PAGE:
Can Arms Control Tools Reduce Conflicts Over Water?
Arms Control and Water Experts Trade Tips on Creating Better Treaties
Almost every major river in the world is shared by two or more
nations. And conflicts over water, already serious in some places,
will likely grow over the coming years as global warming, pollution,
and population growth take their toll. But the good news is there
are solutions - although they may come from some surprising places.
That was the central message of a recent workshop sponsored by
the Pacific Institute, Oregon State University and Sandia National
Laboratory. Now, a new paper discusses the findings of that workshop
The paper finds that although arms control and natural resource
management are very different fields, techniques from each can
inform the work of the other. "Technologies developed to
control the spread of weapons -- like remote sensing and real-time
monitoring -- can be used to improve agreements over shared natural
resources," said Elizabeth L. Chalecki, a Research Associate
with the Pacific Institute and the paper's lead author. "And,
by improving these agreements, we can reduce the risk of conflict
over critical resources like water."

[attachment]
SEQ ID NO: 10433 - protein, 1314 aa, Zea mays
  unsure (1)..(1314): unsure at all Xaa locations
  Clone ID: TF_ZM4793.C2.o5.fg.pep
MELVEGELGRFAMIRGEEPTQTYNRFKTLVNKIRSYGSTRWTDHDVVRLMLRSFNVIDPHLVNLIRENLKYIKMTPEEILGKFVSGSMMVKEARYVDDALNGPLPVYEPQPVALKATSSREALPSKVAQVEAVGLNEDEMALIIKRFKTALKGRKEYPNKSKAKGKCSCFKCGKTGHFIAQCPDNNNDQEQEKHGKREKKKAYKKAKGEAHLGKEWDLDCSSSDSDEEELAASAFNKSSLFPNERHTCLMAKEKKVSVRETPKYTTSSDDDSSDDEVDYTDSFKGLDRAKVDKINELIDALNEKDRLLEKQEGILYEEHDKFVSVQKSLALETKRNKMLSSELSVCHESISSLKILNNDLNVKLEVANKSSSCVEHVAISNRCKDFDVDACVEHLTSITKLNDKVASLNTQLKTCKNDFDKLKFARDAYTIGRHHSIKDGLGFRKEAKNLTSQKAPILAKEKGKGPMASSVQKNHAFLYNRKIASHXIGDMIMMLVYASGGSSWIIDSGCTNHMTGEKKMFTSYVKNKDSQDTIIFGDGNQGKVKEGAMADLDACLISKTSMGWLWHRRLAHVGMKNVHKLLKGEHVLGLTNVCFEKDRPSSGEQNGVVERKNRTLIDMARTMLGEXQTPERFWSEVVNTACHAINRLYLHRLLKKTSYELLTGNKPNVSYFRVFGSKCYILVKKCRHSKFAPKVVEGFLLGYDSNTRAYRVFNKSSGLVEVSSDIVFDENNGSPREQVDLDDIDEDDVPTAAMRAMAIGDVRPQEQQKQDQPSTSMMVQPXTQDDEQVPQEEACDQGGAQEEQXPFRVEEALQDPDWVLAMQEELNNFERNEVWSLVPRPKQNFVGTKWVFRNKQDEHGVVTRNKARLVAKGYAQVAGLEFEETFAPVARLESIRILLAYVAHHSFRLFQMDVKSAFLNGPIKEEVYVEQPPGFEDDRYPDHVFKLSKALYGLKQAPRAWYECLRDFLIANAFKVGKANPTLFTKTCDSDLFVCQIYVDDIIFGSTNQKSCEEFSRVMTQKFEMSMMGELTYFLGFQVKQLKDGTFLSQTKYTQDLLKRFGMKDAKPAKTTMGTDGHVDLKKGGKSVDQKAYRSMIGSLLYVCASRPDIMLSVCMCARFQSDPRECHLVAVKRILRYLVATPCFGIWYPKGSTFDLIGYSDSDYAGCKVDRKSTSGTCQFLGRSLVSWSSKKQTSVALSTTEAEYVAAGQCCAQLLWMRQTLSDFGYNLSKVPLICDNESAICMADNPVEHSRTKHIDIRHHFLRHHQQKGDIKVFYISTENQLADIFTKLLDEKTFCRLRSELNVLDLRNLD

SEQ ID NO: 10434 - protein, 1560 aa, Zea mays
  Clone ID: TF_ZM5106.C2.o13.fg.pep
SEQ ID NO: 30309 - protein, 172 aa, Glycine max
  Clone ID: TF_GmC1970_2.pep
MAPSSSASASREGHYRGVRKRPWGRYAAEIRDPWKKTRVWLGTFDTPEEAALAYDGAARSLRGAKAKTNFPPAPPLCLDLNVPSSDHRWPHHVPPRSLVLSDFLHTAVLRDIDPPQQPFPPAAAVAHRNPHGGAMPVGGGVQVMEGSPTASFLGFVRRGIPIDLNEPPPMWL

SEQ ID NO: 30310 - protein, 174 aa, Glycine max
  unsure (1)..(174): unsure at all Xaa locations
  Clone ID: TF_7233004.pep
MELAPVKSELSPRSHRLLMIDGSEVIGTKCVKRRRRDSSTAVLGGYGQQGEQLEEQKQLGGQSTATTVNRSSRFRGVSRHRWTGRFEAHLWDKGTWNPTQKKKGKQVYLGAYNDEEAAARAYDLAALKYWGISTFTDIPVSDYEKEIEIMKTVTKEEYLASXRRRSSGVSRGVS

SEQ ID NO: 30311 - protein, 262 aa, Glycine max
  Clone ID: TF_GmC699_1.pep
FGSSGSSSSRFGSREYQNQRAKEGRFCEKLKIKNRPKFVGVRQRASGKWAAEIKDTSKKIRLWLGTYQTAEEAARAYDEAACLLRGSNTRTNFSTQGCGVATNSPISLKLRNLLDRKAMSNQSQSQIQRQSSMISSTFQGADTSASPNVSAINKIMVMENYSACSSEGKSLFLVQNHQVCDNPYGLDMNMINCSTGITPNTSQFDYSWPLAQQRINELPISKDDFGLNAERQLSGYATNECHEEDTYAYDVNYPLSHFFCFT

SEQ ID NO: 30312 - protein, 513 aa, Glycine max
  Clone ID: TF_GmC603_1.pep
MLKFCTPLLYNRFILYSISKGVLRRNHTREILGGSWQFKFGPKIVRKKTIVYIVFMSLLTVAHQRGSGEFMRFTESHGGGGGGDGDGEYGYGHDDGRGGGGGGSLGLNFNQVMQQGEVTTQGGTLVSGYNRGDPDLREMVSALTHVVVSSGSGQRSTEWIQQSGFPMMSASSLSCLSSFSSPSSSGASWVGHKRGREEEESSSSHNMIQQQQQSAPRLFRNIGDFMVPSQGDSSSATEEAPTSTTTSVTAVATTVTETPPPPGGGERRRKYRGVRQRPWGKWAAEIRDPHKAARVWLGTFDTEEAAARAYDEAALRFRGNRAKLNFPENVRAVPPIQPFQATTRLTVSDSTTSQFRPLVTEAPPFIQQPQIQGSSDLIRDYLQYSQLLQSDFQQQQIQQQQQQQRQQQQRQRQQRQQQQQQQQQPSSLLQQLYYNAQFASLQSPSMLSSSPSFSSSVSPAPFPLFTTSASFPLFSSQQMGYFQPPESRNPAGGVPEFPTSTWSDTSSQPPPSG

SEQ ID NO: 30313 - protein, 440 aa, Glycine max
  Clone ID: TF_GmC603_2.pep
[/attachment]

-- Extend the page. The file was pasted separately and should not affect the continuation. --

Remote Sensing Can Benefit Data Collection
Another benefit of using these techniques to monitor environmental
conditions: greatly improved data. "Using remote, real-time
sensors to monitor agreements like water treaties gives researchers
access to a treasure trove of information on environmental conditions,"
continued Ms. Chalecki. "And, when it comes to water, there
is a pressing need for this type of information."
According to the paper, arms controls experts can learn a thing
or two from those who manage natural resources as well. "Natural
decision makers can help those in the security community,"
noted Ms. Chalecki. "Although issues of military secrecy
complicate matters, by increasing public participation in arms
control agreements, there is a better chance that the agreements
will be effective in reducing the spread of weapons and lowering
the risks of conflict."
"Fire & Water: An Examination of the Technologies, Institutions,
and Social Issues in Arms Control and Transboundary Water-Resources
Agreements," written by Elizabeth L. Chalecki, Peter H. Gleick,
Kelli L. Larson, Arian L. Pregenzer, and Aaron T. Wolf, will appear
in Issue #8 of the Environmental Change and Security Project Report,
published by the Woodrow Wilson Center.